Thoughts on “Art and the Moving Image”

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In Tanya Leighton’s  “Art and the Moving Image,” the production of video as a medium and expression of hybrid media is presented in the format of an abridged yet well considered history. From form and function to utility and criticism, Leighton provides great insight into the ways in which video has become a central component of the evolution of hybrid media.

Key to her introduction to the moving image is the means by which the art form of the moving image became accessible to artists and the public alike. Leighton points to a major turning point following World War II:

The focus on the 6os has to do not only with the greater hybridity between art forms that was established during the decade but also with access. The decades after World War II were a time when access to 16mm- film equipment (at least in the US and Britain) was reasonably affordable and uncomplicated, and video became available from the late 6os onwards…The period also marked the beginning of widespread state support for the production of media workshops that encouraged different forms of experimentation. With the acceleration of new technologies, and as film gradually gave way to new forms of electronic information in the 70s, there was also an embrace of recovered or displaced media discarded by the industry. (Leighton, 14)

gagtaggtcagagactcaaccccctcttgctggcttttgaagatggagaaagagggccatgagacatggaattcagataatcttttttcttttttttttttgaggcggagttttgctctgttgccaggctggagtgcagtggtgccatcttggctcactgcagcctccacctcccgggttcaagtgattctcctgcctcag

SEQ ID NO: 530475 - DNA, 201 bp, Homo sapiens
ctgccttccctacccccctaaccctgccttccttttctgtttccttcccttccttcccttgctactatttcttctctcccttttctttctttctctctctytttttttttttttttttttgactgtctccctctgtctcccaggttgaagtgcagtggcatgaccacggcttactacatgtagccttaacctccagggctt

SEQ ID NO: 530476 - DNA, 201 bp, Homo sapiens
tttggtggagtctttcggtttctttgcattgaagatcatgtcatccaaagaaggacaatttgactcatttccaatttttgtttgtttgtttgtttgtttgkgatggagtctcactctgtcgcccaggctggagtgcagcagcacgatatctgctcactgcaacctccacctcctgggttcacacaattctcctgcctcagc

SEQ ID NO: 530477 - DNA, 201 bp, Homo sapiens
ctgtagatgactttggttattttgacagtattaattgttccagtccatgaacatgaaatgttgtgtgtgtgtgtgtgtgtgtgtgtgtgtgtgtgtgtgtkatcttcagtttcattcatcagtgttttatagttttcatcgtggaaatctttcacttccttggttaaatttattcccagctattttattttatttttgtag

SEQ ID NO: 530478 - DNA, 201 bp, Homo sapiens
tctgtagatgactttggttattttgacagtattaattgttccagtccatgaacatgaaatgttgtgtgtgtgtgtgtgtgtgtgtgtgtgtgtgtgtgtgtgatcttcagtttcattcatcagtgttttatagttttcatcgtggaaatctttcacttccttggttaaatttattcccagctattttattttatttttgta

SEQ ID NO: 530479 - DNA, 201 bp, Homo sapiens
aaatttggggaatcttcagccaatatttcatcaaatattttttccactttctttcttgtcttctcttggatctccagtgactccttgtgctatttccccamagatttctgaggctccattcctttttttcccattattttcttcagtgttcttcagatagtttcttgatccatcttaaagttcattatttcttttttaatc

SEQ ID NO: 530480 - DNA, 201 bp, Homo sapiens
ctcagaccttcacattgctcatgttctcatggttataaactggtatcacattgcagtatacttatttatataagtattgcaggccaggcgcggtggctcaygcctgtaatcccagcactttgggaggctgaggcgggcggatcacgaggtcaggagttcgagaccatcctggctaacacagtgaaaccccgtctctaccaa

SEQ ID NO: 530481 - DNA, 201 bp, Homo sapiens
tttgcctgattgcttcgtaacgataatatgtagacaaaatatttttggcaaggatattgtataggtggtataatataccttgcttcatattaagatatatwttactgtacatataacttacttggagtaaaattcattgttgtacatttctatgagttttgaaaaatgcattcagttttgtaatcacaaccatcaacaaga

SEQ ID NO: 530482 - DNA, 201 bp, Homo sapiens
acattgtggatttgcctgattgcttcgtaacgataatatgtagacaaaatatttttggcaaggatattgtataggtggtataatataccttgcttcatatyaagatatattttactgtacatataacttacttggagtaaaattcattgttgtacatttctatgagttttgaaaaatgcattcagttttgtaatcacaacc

Without the proper affordability of videography equipment there was little market despite a growing appreciation among artists to explore the relatively young art form. With the introduction of less expensive film and less complicated gear, artists around the world were quick to begin experimentation. With the added support of workshops and other introductory courses for those interested in their own film production, it is not surprising that the moving image soon became a more accessible and incredibly popular form of hybrid media by the late 60s.

With the advent of electronic information storage and recording equipment, the remaining limitations of filmography and recording were further diminished. This served well artists and the public as the novelty of hybrid media continued to grow with each new development.

Leighton continues to develop the history of the motion image with visitations to the notions of video installation, manipulation, and, naturally, cinematic utility – all of which help to better establish the importance and grounded history of the moving image as a media and an incredibly accessible form of art production.

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